Written by Sean McPheat |
You can find a ton of sales training material and suggestions on what to SAY during a sales interaction, especially at the close. If you have been in the world of professional selling for any amount of time, you also know that asking the right questions is critically important.
However, in this short and sweet piece, I want to focus on one question you should NEVER ask the prospect, in particularly at the close.
“What Do You Think?”
Although, this question may seem harmless and often necessary, it is usually harmful to the sale. The question of, “What do you think?” will always shift the prospect’s THINKING in the wrong direction.
The problem is that this question directs the prospect’s mind toward the more “logical” spectrum of the decision making process.
While there will always be a debate on the amount of logic vs. the amount of emotion you should use in a sales interaction, the consensus is clear that people make decisions based primarily on emotion. People make decisions based mostly on emotion—then use logic to justify the decision.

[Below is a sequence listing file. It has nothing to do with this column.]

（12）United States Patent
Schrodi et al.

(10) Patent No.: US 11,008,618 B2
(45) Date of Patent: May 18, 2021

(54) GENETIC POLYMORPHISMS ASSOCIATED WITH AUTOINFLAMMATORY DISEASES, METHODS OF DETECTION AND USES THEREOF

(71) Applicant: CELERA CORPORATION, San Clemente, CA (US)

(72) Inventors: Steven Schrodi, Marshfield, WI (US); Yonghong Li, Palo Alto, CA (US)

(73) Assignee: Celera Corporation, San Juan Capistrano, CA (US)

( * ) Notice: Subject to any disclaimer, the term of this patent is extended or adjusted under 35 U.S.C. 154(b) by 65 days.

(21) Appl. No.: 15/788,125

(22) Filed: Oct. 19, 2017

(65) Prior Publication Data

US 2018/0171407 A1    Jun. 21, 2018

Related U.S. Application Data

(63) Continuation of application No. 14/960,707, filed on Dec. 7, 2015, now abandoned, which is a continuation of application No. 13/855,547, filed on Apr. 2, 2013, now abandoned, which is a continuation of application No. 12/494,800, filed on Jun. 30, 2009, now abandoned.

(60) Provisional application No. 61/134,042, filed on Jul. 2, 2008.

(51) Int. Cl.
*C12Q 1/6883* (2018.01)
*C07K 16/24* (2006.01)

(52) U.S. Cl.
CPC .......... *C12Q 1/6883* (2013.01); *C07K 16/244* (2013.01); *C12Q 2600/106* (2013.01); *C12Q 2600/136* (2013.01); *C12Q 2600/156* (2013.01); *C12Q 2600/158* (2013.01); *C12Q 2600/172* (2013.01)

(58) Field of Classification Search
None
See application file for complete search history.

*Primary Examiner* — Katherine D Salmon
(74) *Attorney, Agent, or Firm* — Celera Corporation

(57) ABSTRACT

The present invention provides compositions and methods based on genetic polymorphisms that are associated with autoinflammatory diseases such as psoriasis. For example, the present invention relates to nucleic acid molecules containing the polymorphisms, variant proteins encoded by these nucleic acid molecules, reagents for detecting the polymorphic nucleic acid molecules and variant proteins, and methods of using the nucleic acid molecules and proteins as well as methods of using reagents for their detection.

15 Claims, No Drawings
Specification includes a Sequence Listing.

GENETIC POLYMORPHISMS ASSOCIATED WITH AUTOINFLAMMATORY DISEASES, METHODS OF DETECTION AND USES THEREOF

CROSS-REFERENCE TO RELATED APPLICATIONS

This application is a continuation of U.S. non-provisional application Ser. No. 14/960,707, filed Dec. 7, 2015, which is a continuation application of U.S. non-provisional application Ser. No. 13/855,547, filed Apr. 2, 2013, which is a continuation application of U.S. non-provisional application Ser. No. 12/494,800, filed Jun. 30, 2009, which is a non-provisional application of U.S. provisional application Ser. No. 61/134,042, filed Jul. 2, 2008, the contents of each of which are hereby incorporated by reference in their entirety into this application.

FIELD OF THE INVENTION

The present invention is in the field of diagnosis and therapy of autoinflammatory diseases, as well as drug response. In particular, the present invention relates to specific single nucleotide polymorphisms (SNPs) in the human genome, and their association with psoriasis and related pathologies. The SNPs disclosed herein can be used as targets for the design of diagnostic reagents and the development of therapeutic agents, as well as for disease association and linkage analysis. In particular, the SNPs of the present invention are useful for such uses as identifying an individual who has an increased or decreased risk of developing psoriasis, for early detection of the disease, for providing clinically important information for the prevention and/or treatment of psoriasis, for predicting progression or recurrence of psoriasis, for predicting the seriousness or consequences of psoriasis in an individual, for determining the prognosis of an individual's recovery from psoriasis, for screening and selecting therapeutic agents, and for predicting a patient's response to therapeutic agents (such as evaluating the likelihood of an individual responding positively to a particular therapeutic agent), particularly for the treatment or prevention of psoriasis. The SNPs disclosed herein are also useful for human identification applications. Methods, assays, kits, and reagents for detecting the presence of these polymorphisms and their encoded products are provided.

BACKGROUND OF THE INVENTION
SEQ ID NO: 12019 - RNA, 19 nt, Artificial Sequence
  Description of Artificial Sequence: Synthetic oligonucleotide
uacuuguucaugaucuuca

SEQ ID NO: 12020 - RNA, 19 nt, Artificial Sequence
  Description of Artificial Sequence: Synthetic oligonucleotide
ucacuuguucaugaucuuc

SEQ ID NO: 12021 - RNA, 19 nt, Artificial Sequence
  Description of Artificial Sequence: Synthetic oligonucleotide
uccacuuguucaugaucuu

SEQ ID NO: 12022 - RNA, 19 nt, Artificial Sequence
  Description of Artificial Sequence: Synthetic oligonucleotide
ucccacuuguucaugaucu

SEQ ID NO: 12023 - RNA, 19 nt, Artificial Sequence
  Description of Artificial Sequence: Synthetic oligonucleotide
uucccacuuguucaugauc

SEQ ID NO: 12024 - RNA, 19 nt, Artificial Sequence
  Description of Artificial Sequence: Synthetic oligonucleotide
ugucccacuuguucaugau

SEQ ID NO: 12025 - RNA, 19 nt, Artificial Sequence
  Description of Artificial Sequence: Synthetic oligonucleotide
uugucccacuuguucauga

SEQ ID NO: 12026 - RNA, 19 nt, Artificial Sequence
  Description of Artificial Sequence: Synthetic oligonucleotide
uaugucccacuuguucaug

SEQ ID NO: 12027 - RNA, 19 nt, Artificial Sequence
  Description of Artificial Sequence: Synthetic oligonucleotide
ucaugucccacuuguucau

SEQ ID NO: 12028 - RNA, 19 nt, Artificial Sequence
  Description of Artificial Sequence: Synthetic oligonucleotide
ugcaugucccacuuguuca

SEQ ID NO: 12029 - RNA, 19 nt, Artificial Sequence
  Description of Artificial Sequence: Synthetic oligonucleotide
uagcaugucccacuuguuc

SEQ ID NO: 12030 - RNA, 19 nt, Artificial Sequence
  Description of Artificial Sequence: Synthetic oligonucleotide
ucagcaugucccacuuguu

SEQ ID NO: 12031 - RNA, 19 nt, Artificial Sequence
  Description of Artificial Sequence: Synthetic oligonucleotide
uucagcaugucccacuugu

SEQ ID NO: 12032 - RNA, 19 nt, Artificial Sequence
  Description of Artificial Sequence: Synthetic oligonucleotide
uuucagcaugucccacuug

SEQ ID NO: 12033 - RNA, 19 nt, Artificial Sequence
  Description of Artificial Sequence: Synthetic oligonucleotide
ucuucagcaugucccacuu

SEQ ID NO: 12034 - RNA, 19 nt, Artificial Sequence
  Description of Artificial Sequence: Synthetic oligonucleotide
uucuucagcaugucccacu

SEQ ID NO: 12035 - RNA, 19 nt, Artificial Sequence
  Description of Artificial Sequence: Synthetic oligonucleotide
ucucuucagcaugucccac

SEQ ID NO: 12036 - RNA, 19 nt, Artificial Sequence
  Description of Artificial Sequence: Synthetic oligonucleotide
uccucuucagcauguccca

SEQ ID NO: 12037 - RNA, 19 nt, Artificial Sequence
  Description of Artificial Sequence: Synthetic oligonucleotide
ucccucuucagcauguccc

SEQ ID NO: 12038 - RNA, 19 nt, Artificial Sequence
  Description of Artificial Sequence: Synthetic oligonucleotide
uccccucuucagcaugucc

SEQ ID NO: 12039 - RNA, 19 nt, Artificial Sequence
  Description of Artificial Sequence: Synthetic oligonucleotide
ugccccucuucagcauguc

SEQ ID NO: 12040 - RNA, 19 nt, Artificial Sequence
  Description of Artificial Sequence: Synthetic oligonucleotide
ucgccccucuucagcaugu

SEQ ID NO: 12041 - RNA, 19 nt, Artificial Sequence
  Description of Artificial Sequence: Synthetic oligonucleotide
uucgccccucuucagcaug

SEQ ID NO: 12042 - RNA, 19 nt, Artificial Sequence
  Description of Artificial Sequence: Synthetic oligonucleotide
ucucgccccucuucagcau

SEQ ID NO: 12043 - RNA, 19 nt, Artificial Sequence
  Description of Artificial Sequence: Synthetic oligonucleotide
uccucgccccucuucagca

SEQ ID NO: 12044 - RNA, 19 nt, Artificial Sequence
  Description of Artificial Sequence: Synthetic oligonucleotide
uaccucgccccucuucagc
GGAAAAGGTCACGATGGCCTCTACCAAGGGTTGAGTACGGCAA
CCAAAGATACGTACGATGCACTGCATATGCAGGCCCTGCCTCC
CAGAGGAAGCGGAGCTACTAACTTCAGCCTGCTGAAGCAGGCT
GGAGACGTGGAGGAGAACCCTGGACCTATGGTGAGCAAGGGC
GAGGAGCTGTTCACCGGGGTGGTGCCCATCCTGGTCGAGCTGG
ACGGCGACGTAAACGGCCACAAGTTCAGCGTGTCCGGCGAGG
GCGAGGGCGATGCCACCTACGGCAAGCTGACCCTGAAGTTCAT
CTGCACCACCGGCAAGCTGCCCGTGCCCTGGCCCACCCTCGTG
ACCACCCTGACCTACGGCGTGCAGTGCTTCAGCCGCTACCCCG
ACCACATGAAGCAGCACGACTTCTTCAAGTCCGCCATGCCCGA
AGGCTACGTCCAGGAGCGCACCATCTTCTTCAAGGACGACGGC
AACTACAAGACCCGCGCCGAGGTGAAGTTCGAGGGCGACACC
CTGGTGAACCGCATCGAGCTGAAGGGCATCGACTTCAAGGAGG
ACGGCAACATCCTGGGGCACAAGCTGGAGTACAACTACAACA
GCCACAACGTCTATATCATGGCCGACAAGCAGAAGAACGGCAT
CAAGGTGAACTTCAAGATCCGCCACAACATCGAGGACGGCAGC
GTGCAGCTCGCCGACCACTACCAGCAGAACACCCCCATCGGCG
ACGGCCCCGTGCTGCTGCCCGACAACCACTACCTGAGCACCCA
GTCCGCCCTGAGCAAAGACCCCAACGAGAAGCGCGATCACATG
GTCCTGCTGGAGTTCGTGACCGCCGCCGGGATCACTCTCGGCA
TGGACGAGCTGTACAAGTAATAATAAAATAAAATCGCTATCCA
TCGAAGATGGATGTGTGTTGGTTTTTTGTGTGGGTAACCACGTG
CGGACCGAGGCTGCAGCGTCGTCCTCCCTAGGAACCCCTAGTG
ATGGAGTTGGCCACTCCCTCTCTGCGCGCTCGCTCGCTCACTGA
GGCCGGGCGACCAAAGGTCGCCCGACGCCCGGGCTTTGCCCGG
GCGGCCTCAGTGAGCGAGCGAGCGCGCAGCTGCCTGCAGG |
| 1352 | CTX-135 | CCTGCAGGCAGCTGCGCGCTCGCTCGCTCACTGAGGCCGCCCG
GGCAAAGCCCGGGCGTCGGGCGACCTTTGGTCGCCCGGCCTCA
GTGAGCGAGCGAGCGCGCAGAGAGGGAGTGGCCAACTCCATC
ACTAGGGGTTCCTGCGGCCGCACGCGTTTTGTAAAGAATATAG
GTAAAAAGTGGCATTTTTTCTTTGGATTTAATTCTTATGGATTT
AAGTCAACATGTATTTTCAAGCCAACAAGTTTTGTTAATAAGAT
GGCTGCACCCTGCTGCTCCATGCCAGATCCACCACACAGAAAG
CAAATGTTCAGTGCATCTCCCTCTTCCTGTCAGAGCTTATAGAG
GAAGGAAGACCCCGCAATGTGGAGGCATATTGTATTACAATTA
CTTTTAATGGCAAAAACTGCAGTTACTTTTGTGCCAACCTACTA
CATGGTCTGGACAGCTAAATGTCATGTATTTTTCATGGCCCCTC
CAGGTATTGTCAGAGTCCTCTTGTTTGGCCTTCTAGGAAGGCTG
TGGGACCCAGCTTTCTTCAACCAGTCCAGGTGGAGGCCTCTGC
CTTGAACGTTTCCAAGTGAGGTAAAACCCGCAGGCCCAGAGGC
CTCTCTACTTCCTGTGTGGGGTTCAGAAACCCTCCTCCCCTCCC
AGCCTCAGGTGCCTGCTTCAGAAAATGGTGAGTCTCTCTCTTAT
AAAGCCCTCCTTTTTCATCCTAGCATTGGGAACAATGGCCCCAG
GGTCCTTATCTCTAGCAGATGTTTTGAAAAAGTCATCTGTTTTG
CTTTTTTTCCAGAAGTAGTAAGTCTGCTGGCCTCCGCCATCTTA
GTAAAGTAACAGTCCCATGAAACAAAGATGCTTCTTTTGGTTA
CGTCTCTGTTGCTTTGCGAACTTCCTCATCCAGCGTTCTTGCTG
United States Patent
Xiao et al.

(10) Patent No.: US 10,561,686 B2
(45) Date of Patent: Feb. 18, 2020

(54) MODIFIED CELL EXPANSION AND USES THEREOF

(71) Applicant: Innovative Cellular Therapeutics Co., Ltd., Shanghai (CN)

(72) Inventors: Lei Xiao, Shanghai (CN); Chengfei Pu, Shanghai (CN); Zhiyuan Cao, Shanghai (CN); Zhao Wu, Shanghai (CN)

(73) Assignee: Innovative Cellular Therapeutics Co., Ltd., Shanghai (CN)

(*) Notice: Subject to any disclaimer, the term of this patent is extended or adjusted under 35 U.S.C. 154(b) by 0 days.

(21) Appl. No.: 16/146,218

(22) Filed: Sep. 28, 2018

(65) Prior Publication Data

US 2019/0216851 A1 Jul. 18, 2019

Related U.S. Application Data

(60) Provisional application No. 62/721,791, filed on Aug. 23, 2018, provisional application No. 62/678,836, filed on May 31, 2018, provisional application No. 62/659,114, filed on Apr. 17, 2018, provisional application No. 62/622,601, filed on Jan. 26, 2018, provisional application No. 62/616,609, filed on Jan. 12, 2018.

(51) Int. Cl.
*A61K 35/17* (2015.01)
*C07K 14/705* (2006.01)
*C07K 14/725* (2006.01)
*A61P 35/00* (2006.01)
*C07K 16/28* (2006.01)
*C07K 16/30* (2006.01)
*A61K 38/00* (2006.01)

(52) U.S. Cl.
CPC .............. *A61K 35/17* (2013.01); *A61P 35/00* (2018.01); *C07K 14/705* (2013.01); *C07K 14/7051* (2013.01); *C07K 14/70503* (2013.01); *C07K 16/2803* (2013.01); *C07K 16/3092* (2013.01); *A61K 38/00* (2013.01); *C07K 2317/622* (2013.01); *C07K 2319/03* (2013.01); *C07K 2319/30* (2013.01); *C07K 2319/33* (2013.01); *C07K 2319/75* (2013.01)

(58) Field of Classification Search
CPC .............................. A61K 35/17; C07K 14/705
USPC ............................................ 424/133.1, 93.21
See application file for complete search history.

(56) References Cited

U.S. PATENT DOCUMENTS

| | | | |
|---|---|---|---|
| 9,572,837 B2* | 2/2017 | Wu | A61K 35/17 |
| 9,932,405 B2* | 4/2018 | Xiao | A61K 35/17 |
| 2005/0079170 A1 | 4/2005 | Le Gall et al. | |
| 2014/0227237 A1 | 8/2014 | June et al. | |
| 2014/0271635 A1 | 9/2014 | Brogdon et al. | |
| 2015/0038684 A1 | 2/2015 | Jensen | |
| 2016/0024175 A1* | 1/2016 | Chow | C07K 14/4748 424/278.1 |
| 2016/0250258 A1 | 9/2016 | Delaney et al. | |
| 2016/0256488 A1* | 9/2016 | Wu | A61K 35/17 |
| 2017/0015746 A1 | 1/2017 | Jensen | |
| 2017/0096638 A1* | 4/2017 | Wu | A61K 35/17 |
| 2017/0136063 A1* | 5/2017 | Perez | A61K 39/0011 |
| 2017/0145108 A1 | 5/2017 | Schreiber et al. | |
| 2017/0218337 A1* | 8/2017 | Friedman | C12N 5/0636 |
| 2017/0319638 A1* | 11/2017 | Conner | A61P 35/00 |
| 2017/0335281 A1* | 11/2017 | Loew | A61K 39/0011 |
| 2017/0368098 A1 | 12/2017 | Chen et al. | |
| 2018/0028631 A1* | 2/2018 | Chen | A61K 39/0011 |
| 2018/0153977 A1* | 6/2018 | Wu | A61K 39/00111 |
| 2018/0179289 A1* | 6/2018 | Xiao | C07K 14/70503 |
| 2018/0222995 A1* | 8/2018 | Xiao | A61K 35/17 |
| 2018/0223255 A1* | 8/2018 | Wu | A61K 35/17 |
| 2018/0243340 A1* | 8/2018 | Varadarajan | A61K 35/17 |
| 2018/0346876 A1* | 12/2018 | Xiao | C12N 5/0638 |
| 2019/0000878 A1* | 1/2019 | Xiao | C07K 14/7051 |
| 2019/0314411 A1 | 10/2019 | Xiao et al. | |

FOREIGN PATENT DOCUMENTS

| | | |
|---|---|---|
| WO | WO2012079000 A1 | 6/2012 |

During the close, you want the prospect to be doing more “feeling,” than “thinking.” You want to stimulate the emotion of the situation and the gravity of the problems that a positive buying decision will solve. You do not want to prospect to turn to the logical mind BEFORE he or she has made a positive buying decision.
During the close, you want the prospect to be “FEELING” the emotions:
a. The problems they suffer without the product or service
b. The pain they can alleviate
c. The money they will save as a benefit of your solution
d. The peace of mind your service provides, and more.
During the close, you DO NOT want the prospect to be “THINKING” the logic:
a. Is this the right time?
b. What will my spouse say?
c. What will my boss think?
d. Is this the best price?
Avoid the “What do you think?” question. Instead, try, “HOW DO YOU FEEL?”
How Do You Feel?
The prospect needs the emotion to make a positive buying decision. The customer then needs the logic to back up and justify that decision. When you use too much logic in a sales interaction and not enough emotion, you get prospects that love everything about you and your product or service, yet end up buying from someone else.
On the other hand, if you use too much emotion and not enough logic in a sales interaction, you get buyers who make quick decisions and then cancel the sale.
You always want to use a good mixture of emotion and logic in a sales interaction. However, the timing for each is crucial. During the close, you want to use mostly the emotional reasons for the prospect to take action now. Then, immediately AFTER the buyer makes the decision to purchase, inundate them with the logical reasons of why the decision he or she just made is a good one.
Originally published: 11 September, 2012